10th FEBRUARY 2011

I don’t think Ralph’s missed a day out on Rods boat yet…..even with an infected coral cut that he doesn’t want to get wet he’s been on-board operating the dredger while others have been below water.

Rod has a little extra help right at the moment… and we have new neighbours. A young French couple Michael and Marie with their 2 young children on the yacht Ilo, have joined the race to free the Zero from its muddy grave. Well actually, more Michael than Marie as Marie is the babysitter whilst Michael is playing with Japanese plane wrecks.

They are a fascinating couple. They have been sailing for the last 7 years, leaving France for Africa, then South America, sailing 2000 miles down the Amazon River, whilst having children along the way…one in Columbia and the other in New Caledonia…quite the adventurers. Michael is an artist and photographer so he’s got some amazing images of his travels preserved for commercial posterity. I believe he occasionally returns to France for an exhibition and sells quite a bit of his work…what a life eh!

But I digress…. I should return to the Zero and explain a little of what has been going on.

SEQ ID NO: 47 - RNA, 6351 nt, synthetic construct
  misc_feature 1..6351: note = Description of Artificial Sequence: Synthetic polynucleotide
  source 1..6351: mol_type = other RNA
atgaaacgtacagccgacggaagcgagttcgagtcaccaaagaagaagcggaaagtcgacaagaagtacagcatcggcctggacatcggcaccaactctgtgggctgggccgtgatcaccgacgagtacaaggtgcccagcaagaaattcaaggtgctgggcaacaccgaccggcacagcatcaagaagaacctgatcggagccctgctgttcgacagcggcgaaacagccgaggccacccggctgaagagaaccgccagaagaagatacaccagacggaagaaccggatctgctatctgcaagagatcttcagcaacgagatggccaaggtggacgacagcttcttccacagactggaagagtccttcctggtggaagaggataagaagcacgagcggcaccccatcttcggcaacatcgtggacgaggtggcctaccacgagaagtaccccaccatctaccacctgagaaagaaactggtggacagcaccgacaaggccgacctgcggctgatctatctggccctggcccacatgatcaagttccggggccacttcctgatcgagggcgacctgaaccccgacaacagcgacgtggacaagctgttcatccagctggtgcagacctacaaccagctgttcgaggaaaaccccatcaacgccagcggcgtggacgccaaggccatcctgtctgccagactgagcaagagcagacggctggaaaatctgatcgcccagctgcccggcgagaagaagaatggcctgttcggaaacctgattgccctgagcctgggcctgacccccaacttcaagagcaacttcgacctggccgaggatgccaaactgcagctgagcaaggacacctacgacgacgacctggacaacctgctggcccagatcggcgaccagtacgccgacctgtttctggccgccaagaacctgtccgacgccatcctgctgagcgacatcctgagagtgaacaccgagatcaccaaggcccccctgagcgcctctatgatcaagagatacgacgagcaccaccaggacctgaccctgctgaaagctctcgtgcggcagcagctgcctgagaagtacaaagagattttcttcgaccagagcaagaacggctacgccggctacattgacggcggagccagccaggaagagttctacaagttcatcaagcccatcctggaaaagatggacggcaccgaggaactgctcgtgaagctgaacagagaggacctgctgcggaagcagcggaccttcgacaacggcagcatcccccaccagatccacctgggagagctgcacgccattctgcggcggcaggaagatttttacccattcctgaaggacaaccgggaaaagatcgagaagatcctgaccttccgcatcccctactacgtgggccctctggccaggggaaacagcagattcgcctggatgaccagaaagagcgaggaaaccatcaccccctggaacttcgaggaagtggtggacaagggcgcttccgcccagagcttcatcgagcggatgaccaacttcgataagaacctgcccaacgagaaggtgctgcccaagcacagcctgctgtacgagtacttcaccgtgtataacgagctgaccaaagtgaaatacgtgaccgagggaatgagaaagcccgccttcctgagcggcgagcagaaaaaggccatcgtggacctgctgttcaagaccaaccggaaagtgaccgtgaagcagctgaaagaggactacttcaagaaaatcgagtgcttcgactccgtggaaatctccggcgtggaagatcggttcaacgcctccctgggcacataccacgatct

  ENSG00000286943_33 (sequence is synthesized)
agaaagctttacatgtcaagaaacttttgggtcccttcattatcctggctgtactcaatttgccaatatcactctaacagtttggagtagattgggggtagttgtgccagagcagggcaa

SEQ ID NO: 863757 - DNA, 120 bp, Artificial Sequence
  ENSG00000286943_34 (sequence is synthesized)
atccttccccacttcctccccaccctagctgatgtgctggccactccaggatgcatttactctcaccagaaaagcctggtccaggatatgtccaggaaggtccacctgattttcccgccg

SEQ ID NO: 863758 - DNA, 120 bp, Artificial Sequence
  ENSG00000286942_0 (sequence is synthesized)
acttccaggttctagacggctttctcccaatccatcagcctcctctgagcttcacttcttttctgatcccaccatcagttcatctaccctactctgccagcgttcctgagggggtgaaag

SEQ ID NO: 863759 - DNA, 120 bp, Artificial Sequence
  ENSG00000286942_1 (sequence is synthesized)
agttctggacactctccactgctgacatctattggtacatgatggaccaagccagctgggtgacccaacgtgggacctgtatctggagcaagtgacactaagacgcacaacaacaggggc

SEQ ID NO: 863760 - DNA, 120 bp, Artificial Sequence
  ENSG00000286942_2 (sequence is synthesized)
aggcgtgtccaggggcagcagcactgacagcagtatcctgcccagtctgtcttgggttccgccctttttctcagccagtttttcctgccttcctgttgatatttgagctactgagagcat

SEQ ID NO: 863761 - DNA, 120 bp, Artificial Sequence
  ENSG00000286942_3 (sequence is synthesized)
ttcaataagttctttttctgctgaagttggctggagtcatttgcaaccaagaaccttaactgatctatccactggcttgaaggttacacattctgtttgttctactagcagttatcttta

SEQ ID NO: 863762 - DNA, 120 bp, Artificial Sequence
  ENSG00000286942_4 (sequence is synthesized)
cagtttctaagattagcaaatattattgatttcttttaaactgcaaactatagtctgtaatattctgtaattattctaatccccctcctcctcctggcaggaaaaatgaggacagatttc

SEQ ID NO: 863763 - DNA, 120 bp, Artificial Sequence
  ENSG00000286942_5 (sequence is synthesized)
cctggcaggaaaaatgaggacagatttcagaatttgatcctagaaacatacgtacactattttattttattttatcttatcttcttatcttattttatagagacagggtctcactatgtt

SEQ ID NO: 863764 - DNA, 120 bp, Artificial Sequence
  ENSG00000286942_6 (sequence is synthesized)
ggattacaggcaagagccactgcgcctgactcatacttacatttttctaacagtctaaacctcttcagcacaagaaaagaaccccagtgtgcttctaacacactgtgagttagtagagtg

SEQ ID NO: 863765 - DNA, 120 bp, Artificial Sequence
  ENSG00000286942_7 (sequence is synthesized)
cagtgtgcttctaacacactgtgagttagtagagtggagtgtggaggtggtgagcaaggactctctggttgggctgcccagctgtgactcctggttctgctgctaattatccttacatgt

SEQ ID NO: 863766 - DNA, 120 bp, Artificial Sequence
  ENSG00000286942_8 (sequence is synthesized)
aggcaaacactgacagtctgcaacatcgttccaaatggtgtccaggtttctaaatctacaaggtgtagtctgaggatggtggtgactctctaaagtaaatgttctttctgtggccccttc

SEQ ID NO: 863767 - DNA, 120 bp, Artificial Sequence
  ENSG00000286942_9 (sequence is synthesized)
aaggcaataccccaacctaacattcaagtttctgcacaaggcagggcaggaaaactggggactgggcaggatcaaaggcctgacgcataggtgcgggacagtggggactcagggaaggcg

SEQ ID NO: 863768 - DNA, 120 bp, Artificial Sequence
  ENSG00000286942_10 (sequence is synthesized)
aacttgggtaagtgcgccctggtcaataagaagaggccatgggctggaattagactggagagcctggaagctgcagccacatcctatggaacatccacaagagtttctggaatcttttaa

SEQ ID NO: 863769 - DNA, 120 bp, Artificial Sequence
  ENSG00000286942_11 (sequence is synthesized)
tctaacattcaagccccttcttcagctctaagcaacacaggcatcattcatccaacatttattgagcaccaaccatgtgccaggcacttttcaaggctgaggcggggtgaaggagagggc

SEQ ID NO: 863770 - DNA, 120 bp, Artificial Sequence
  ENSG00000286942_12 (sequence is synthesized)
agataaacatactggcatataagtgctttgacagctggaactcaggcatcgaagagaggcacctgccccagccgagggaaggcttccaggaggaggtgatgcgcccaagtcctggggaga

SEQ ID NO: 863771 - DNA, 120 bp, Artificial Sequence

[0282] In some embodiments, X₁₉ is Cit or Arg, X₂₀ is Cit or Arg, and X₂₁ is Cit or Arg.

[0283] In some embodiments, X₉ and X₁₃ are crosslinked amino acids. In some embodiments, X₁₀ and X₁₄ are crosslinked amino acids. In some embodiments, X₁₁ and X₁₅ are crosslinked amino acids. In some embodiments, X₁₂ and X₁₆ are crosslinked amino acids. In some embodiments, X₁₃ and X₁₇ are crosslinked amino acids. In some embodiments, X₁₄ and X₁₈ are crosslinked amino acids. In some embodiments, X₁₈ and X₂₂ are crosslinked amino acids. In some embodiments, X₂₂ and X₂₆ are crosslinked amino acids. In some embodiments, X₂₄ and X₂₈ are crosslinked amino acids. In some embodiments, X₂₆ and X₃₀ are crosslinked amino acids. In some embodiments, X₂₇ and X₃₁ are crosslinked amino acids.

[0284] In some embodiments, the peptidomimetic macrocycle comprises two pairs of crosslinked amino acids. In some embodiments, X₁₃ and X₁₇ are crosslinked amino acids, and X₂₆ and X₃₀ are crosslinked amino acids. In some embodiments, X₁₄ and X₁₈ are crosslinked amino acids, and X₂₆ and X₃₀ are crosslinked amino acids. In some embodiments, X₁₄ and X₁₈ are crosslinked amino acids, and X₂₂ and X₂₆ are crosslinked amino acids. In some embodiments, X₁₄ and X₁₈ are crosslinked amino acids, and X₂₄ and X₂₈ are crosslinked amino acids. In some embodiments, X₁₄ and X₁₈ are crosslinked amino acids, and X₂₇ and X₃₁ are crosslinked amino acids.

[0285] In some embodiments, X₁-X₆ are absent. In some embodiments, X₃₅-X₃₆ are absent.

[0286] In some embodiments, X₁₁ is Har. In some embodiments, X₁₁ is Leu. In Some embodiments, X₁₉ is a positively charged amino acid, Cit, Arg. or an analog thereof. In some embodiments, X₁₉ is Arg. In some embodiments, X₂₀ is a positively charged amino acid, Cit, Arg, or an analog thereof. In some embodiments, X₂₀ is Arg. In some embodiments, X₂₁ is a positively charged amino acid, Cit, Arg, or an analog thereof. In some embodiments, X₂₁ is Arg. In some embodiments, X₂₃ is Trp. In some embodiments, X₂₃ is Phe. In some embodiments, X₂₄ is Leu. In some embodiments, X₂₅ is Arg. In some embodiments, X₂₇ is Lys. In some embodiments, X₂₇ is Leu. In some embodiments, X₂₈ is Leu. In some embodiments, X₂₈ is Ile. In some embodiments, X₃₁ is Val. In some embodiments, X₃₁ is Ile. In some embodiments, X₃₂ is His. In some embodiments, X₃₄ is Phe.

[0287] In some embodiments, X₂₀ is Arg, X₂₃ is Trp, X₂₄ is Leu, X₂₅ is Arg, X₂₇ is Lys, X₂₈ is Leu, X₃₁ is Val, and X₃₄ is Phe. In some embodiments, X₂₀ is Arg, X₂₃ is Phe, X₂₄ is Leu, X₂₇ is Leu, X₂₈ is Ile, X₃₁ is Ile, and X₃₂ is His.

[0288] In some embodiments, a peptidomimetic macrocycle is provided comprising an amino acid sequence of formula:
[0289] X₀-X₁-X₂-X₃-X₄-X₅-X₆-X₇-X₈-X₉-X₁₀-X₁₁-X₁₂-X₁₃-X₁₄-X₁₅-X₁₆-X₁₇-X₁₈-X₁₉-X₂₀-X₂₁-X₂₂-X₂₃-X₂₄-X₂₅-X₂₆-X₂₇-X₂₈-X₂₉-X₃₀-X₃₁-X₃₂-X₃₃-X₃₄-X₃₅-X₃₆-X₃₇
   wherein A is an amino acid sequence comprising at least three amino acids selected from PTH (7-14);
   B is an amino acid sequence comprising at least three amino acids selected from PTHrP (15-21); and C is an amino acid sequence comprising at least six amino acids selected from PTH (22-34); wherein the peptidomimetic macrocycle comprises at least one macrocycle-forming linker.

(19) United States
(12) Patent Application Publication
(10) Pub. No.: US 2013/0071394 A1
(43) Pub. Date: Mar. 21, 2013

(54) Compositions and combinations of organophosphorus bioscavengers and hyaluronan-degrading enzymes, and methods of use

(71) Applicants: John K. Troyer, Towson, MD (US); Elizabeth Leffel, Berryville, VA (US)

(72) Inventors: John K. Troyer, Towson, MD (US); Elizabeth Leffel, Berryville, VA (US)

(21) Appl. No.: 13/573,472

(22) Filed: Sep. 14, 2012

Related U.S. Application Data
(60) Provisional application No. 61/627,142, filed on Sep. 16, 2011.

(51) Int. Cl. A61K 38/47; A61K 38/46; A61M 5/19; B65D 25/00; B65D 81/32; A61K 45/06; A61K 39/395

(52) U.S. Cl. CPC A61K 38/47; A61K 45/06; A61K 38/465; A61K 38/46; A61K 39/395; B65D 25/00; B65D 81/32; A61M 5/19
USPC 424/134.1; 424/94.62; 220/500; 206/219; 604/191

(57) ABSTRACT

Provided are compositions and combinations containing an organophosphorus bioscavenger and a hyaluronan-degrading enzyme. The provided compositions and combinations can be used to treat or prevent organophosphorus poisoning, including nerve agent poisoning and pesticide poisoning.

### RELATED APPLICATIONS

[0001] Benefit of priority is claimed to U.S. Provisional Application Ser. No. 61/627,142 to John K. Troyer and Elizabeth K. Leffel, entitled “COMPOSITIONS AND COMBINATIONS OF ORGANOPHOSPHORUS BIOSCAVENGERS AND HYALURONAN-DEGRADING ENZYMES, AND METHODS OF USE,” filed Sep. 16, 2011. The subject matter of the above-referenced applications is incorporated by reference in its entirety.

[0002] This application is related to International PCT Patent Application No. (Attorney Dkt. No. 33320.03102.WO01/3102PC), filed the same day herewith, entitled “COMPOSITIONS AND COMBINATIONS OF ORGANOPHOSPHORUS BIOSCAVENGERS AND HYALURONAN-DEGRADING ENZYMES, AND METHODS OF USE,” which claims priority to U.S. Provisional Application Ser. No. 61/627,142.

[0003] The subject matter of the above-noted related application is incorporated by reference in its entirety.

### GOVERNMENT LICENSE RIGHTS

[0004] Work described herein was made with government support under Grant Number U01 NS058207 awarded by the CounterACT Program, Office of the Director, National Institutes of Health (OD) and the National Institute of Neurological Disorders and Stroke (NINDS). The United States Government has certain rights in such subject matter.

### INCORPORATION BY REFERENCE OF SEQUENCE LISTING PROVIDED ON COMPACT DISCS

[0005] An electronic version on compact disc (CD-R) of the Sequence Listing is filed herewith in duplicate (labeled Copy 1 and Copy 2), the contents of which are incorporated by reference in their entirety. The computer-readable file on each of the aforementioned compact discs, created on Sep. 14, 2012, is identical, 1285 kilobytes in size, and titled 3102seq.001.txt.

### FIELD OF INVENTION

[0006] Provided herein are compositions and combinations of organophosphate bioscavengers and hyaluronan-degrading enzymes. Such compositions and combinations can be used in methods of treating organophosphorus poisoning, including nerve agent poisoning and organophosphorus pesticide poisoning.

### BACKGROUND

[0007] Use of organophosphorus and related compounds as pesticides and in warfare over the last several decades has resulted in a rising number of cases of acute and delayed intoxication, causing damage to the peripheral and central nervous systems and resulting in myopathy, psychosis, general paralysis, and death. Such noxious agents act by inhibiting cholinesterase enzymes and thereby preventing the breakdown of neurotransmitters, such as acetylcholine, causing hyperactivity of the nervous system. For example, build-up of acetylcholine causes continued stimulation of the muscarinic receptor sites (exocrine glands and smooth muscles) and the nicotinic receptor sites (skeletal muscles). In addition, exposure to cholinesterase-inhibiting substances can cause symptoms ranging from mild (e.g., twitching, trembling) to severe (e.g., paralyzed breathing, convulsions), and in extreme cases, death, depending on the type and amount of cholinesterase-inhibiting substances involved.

The primary task at hand is to clear enough silt and ash from around the plane to aid in its identification. Once identified it is likely to be moved and potentially even raised and restored, however this depends on its condition and whether the Japanese government consider it of significant importance to finance it. To identify it, it must be cleared a little, as it is upside down, which means that many of the serial numbers etc. are sitting in the silt and as such require a little hard yakka to clear it all away.

So far we have managed to establish that it is a 1942 model 32 Zero ACM6, serial chassis number 3013, however this doesn’t give the identity of the pilot or the squadron he flew with so currently we’re dredging away at the tail to see if we can uncover any identifying marks there.

As of today it looks as if the tail is free (bit hard to tell when the water is full of silt) and the wings are almost free enough to swim under, but the cockpit remains submerged in mud…. Now we’ll simply wait for the silt to settle and a suitable camera to be able to see if any tail numbers remain.